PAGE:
Furthermore, different standards and measurements follow from the various definitions.[citation needed] Postoperative care ... A 6-Week Follow-Up Study". The Journal of Hand Surgery. 31 (5): 717-25. doi:10.1016/j.jhsa.2006.02.021. PMID 16713831. Robbins ... A study reported postoperative gain is greater at the MCP-joint level than at the level of the IP-joint and found a reoperation ... This study showed that NA is a safe procedure that can be performed in an outpatient setting. The complication rate was low, ...
The majority of the studies that correlate vaccination with ADEM onset use small samples or case studies.[citation needed] ... Lin CH, Jeng JS, Hsieh ST, Yip PK, Wu RM (February 2007). "Acute disseminated encephalomyelitis: a follow-up study in Taiwan". ... Tenembaum S, Chamoles N, Fejerman N (October 2002). "Acute disseminated encephalomyelitis: a long-term follow-up study of 84 ... Schwarz S, Mohr A, Knauth M, Wildemann B, Storch-Hagenlocher B (2001). "Acute disseminated encephalomyelitis: A follow-up study ...
... citation needed] Although often described as benign, a teratoma does have malignant potential. In a UK study of 351 infants and ... Adequate follow-up requires close observation, involving repeated physical examination, scanning (ultrasound, MRI, or CT), and ... Saito K, Katsumata Y, Hirabuki T, Kato K, Yamanaka M (2007). "Fetus-in-fetu: parasite or neoplasm? A study of two cases". Fetal ... As is true throughout oncology (the study of tumors, malignant and benign), the nomenclature for these tumors continually ...
Follow your instincts".[citation needed] Chisholm 1911, p. 785. Jones 1988, p. [page needed]. Hampson 1976, pp. 1-14. Kaiser ... The Society for French Historical Studies. Jones, P.M. (1988). The Peasantry in the French Revolution. Cambridge University ...
At a prayer meeting in Indiana, God said that he would do missions in a Pará, Brazil.[citation needed] At another praying ... They studied Portuguese and propagated the doctrine Pentecostal way initially proselytizing among Baptists in Belém and then ... He taught some Scandinavian Baptist churches and decided to follow his missionary vocation. He later went to South Bend, ... In 1903, he emigrated to the United States where he majored in pastoral studies at Chicago Theological Seminary Swedish. In ...
Personal responsibility is a major tenet of RS/SOM.[citation needed] RS/SOM teaches that people can achieve more fulfilling ... Most GRSM educational programs are part-time evening courses that follow an academic school year. The early courses in the ... It offers classroom training and informal study groups. The Seminary includes all accredited full-time and part-time programs ... Students enrolled in the doctorate program are assigned a sponsor.[citation needed] History of New Thought Jones, L. (2005) ...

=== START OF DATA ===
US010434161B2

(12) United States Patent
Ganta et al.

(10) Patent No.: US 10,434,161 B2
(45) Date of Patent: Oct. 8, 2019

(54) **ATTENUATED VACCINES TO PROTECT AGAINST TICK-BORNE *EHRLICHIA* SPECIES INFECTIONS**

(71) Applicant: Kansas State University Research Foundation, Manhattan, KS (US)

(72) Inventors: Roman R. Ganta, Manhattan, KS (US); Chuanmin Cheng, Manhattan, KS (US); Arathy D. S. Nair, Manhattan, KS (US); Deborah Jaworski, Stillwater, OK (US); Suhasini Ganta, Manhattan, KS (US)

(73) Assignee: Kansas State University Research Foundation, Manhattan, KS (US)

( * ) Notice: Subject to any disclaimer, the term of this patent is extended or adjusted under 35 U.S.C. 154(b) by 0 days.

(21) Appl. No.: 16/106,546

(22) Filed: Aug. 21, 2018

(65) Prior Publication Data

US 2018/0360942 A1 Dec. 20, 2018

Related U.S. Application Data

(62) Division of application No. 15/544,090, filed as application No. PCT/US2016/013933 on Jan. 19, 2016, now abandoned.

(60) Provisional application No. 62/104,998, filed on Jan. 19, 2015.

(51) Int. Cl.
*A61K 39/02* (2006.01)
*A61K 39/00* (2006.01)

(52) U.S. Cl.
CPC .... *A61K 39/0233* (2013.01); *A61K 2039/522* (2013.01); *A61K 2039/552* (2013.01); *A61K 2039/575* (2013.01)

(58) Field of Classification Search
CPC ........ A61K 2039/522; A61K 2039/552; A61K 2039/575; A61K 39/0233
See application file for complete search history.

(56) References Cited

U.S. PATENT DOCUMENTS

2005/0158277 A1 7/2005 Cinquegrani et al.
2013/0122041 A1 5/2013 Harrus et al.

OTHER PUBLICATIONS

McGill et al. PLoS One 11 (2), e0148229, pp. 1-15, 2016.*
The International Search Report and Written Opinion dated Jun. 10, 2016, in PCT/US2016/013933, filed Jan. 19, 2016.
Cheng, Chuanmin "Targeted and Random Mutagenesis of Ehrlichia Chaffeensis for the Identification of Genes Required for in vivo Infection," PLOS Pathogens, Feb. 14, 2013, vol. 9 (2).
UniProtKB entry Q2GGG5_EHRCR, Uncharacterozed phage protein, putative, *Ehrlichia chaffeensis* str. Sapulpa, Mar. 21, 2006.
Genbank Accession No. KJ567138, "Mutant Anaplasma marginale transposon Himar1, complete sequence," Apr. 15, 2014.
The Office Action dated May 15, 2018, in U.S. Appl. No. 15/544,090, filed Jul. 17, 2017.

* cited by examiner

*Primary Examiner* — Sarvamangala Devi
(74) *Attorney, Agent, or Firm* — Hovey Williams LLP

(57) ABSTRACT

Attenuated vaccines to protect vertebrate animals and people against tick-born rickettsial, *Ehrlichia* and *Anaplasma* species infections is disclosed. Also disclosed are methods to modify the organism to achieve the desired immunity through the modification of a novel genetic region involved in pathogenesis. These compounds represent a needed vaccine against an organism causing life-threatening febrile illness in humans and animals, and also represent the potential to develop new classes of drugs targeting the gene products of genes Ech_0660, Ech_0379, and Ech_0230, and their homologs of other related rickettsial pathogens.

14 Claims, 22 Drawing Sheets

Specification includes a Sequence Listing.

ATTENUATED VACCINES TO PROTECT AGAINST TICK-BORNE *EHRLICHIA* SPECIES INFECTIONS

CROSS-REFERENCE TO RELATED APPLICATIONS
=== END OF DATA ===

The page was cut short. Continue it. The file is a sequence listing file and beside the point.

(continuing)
... medical citation needed] Other studies have hinted at exposure to loud noise on a consistent basis. One study has shown a ... Periodic MRI studies are important to follow the potential growth rate of any tumor. Near total tumor removal is used when ... Radiated patients require lifetime follow-up with MRI scans. Follow-up after SRS and FSR typically involves an MRI scan and ... Current studies suggest surgeons should observe small acoustic neuromas (those 1.5 cm or less). Over a period of 10 years of ...
After his parents divorced, he followed his mother to Brooklyn, New York. In the United States, he studied two years of ... They decided to combine roots music with vodou religious and musical traditions.[citation needed] Lolo's grandfather was deeply ... They founded a group to study vodou music, giving it the name of Moun Ife ("People of the Abode of the Deities"). Lolo stated ... business administration.[citation needed] Lolo returned to Haiti in 1978, and there were bands playing music known as minidjaz ...
He studied under Pudukottai Malayappa Iyer and Namakkal Narasimha Iyengar in his early years.[citation needed] Later he studied ... This was followed by Padma Bhushan by Government of India in 1958. Ariyakudi was born in Ariyakudi, a town in the Karaikudi ... Ariyakudi developed a unique style of singing which came to be known as The Ariyakudi Tradition and is followed by his students ... Ariyakudi's famous disciples include K V Narayanaswamy, B Rajam Iyer, Alappuzha Venkatesan and Madurai N Krishnan.[citation ...
They have been studied and described in great detail from an anthropometric, or "man-measuring", point of view. Without ... The Ertebølle and preceding Kongemose populations were of mixed race[citation needed]. On the one hand they did not differ from ... resorting to this specialized language, the main conclusions are as follows. ...
Many aspiring guitarists who followed him have studied and copied his style. Although he was an accomplished musician on ... Puckett's most famous songs were "Ragged but Right" and "The Darky's Wail".[citation needed] His dynamic single-string guitar ...
He followed many German philosophers of his time, who were very influential. While studying in Germany, he had attended ... citation needed] The most important freedom is "the freedom to perfect one's freedom."[citation needed] He considered ... From 1902-1903 he studied in Germany, at Göttingen, where he was the first American to study with Edmund Husserl, and in Berlin ... Reading William James' work The Principles of Psychology made him decide to go to Harvard to study philosophy, but he first ...